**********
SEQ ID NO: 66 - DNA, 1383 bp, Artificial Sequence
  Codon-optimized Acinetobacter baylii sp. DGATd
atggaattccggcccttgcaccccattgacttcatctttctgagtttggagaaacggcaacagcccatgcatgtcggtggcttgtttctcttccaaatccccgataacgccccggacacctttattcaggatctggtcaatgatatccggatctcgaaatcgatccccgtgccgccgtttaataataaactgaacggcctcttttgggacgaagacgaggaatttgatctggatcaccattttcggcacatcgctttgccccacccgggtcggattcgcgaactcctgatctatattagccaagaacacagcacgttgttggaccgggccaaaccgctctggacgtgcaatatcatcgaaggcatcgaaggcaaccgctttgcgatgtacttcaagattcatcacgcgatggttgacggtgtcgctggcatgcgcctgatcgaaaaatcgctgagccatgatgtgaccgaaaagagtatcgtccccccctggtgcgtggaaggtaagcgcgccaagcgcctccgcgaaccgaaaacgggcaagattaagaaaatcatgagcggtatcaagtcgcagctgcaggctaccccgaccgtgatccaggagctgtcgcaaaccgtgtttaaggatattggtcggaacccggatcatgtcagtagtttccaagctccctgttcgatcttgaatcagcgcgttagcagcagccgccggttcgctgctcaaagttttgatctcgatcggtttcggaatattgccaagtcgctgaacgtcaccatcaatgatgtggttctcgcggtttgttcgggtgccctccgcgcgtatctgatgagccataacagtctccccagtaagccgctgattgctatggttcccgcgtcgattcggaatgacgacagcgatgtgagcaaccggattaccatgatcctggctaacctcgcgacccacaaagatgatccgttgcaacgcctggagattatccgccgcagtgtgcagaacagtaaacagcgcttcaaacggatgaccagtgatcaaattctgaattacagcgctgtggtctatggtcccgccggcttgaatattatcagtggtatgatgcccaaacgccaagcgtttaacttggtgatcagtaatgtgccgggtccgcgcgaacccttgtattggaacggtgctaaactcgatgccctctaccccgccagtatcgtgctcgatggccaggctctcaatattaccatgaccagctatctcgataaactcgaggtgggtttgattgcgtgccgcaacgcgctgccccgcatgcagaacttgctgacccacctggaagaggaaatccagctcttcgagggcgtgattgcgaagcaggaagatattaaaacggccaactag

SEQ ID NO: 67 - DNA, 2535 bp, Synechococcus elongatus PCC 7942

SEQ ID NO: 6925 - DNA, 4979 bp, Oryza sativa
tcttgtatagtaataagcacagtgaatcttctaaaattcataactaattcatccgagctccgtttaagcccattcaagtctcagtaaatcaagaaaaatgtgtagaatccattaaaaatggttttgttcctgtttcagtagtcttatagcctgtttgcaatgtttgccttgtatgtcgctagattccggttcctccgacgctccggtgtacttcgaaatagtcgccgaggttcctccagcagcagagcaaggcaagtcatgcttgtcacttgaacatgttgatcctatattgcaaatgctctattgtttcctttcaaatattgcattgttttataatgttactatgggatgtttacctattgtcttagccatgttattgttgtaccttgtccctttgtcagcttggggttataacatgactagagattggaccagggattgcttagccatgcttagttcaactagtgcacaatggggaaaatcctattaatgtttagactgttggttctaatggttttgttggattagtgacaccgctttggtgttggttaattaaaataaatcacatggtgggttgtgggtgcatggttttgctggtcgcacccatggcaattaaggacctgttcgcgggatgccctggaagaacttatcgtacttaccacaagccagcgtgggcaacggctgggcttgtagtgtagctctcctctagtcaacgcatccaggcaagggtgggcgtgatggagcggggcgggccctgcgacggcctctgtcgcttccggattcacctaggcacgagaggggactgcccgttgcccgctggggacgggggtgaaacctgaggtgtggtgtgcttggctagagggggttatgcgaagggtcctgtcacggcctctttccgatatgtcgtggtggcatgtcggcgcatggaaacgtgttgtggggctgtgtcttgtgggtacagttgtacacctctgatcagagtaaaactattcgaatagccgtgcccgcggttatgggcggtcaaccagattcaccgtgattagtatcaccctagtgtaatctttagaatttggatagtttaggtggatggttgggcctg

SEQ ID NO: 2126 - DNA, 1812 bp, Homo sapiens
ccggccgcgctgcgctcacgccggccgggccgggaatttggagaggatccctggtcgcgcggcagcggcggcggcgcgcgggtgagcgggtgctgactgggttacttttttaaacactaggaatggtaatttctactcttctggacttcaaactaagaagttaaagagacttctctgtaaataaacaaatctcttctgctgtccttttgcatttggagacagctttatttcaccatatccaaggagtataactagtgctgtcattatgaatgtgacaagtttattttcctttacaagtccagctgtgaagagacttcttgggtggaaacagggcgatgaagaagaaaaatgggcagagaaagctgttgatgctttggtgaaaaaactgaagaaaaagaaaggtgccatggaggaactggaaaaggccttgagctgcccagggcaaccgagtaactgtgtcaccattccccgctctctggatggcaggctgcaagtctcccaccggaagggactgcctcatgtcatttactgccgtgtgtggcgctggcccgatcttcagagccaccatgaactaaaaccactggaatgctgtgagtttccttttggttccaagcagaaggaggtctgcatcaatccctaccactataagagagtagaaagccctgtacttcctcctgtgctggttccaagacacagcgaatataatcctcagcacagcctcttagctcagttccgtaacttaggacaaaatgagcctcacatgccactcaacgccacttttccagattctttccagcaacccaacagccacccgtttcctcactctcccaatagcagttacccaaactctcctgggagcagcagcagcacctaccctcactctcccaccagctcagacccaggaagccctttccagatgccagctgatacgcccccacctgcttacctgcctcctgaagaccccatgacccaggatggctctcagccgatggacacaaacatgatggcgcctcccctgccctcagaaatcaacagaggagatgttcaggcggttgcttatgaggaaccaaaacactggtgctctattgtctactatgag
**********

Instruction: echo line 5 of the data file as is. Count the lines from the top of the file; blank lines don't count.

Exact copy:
SEQ ID NO: 6925 - DNA, 4979 bp, Oryza sativa